Summary: Holiness is more than merely a matter of religious activities. God is not near as concerned with our methods of ministry as He is our motives of ministry. That’s because God is not so concerned with the surface of man as He is with the spirit of man.

Holiness Is A Matter Of The Heart

Text: Eph.6: 6; Mark 7: 18-19a

Intro: It is absolutely impossible to become a Christian without a change of heart. Everything about trusting Christ as ones Savior affects the heart. If there has been no change of heart, there has been no conversion.

Just as one cannot be saved without a change of heart, neither can one live a holy life before God without heart involvement. God is much less concerned with our methods than He is with our motives. I’m not saying that all methods are right. Nor am I saying that they aren’t important to God. But just because someone appears good outwardly doesn’t mean that they are good inwardly. One can perform right actions, but possess wrong attitudes. Their methods may appear spiritual, but their motives may be selfish.

The Pharisees who questioned Jesus in Mark chapter seven had a false concept of what holiness of life was all about. To them, holiness simply had to do with performing the right “spiritual pushups.” They were plugged into religious rituals that were mechanical, done out of habit rather than the heart. They thought if it looked good, it was good. Their brand of holiness was simply sentiment without substance.

Jesus, however, was about to burst their hypocritical bubble. He was about to show them that, as the old adage says, “All that glitters is not gold.” He was about to reveal that holiness was more than simply a matter of clever hypocrisy. It was a matter of the heart.

Theme: We can see the connection between the heart and holiness when we examine:


A. They Possessed A Religion Based On Outward Cleansing.

1. The Pharisees took issue with Jesus over ceremonial washing.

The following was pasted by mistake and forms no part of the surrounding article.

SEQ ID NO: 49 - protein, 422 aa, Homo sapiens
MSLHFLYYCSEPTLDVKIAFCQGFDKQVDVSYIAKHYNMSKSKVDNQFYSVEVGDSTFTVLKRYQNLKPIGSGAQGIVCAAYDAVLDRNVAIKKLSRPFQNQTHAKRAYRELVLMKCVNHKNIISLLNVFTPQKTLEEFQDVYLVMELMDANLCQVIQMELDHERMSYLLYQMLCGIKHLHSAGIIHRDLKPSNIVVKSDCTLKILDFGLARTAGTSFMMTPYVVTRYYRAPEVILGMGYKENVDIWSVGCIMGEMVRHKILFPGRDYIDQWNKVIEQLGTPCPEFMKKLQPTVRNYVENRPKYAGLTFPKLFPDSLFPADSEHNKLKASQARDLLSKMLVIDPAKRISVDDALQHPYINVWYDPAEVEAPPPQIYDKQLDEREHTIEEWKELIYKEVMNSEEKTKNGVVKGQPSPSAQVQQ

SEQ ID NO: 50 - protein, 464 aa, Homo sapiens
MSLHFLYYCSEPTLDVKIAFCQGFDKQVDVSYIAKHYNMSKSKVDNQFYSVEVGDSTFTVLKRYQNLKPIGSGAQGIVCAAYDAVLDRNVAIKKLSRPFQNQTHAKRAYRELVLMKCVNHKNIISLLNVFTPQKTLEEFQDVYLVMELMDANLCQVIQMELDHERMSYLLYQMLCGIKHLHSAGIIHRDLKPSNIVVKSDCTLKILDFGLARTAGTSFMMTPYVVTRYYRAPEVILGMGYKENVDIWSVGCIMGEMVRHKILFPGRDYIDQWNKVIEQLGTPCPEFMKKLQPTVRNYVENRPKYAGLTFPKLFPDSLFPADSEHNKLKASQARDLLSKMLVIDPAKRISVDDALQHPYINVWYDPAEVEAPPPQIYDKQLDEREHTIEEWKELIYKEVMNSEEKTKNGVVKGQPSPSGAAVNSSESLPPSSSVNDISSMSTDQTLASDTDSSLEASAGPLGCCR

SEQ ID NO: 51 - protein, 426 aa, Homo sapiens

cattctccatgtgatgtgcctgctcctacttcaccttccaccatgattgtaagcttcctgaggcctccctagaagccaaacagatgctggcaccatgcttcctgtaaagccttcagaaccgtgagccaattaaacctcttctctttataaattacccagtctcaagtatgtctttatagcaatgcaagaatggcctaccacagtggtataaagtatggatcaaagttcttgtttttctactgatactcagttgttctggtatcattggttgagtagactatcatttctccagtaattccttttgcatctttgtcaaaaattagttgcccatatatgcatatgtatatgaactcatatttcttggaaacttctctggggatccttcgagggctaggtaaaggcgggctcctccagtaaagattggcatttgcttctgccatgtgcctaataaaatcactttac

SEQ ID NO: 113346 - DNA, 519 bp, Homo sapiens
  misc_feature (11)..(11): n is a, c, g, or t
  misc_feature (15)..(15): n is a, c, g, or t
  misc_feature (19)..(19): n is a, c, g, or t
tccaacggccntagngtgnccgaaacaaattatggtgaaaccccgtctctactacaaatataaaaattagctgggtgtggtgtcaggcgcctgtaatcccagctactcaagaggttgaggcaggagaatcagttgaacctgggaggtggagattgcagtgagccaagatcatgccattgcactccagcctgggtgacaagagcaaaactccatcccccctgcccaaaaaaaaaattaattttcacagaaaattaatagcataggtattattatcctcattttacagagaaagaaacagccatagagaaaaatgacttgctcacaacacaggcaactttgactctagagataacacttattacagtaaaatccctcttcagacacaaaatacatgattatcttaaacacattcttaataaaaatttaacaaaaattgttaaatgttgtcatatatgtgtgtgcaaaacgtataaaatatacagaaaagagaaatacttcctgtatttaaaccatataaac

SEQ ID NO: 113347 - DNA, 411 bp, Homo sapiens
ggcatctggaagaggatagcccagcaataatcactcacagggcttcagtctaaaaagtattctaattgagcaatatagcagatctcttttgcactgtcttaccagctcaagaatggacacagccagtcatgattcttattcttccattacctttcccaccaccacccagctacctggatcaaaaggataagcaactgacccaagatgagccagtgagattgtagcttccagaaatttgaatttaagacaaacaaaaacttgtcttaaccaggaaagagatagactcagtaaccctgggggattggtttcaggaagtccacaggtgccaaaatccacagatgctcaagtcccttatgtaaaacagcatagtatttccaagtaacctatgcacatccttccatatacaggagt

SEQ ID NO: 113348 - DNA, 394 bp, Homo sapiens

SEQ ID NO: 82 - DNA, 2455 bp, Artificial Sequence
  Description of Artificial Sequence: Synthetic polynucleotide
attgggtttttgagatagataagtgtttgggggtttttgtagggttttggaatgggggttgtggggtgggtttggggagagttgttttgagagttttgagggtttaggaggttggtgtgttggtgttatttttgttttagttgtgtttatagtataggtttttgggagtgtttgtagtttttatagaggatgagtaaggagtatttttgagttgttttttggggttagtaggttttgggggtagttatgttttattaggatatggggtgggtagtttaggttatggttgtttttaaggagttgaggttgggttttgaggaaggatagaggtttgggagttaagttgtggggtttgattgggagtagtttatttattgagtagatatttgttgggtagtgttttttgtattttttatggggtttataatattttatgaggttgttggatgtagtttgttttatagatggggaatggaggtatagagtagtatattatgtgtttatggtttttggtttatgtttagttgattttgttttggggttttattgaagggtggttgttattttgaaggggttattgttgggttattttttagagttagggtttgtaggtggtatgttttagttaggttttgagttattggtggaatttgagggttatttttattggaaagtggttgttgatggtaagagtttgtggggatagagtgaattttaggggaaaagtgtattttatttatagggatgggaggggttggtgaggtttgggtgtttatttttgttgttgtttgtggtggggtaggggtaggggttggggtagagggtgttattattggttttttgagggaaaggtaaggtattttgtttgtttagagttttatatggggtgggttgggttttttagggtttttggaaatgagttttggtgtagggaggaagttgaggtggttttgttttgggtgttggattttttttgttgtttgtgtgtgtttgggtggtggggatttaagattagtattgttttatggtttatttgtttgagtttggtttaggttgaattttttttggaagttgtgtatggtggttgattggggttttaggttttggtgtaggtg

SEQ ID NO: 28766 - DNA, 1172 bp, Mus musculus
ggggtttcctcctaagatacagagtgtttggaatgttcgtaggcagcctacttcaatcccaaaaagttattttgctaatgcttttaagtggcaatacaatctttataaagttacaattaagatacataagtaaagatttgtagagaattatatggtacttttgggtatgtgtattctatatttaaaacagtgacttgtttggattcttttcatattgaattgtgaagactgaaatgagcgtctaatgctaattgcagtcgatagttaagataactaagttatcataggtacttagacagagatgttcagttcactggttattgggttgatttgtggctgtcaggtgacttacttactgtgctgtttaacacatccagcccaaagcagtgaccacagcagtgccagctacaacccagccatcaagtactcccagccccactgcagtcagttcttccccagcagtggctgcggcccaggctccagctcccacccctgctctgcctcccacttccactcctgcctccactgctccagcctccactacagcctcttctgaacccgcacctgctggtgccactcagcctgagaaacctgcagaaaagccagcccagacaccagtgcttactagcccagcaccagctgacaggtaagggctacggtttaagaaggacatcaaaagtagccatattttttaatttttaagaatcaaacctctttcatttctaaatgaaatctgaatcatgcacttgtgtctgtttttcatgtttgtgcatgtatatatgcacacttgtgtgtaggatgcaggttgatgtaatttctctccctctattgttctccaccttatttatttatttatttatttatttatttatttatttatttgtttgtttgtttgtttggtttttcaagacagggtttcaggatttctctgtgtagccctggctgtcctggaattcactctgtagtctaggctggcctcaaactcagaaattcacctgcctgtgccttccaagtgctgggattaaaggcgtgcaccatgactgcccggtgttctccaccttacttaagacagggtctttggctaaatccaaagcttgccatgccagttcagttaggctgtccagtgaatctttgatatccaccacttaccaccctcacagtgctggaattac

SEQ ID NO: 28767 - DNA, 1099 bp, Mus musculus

Mark 7: 1 “Then came together unto him the Pharisees, and certain of the scribes, which came from Jerusalem.

2 And when they saw some of his disciples eat bread with defiled, that is to say, with unwashen, hands, they found fault.”

NOTE: [1] According to the note in the center column of my Bible, the washing of the hands included not only the washing of one hand with the other, but was to extend up to the elbows.

[2] Keep in mind here that this religious crowd was not rebuking Christ because His disciples had been caught in some moral infraction. They were upset merely because the disciples hadn’t observed the tradition of ceremonially washing their hands before eating. They were more concerned with clean hands than with clean hearts.

2. The Pharisees obsessed over being clean without, instead of being clean within.

Mark 7: 3 “For the Pharisees, and all the Jews, except they wash their hands oft, eat not, holding the tradition of the elders.

4 And when they come from the market, except they wash, they eat not. And many other things there be, which they have received to hold, as the washing of cups, and pots, brasen vessels, and of tables.”

B. They Possessed A Religion Based On Old Customs.

Mark 7: 3b “…holding the tradition of the elders.”

Mark 7: 5 “Then the Pharisees and scribes asked him, Why walk not thy disciples according to the tradition of the elders, but eat bread with unwashen hand?”

NOTE: [1] It is extraordinary that these religious leaders had become so sidetracked by tradition that they no longer judged right and wrong by what God said, but by what the elders had said.

The tradition of the elders was the unwritten corpus of commands and teachings of the honored rabbis of the past, a body of 613 rules designed to regulate every aspect of life (Charles F. Pfeiffer and Everett F. Harrison, Editors, The Wycliffe Bible Commentary, published by Moody Press, Chicago, Illinois; pg. 1002).

[2] Like the Pharisees, too many Christians make the mistake of making their rules the standard of holiness instead of the Redeemer. One commentator notes that, “For a loyal Jew, to disregard these regulations was a sin; to follow them was the essence of goodness and service to God” (John F. Walvoord and Roy B. Zuck, Editors, The Bible Knowledge Commentary, New Testament edition, published by Victor Books, Wheaton, Illinois; pg. 133).

[3] Folks, let’s be sure we’ve got it straight today. God is not judging our holiness of life by what your friends say; by what you say, or even by what Bro. Donnie says. His standard is based on “thus saith the Lord.” Tradition is fine, in its place. But just because one observes some sort of religious tradition doesn’t make them holy. That’s why traditionalism is so very dangerous. We need to be careful to check out our religious traditions with the Word of God. I like what this man had to say on the subject.

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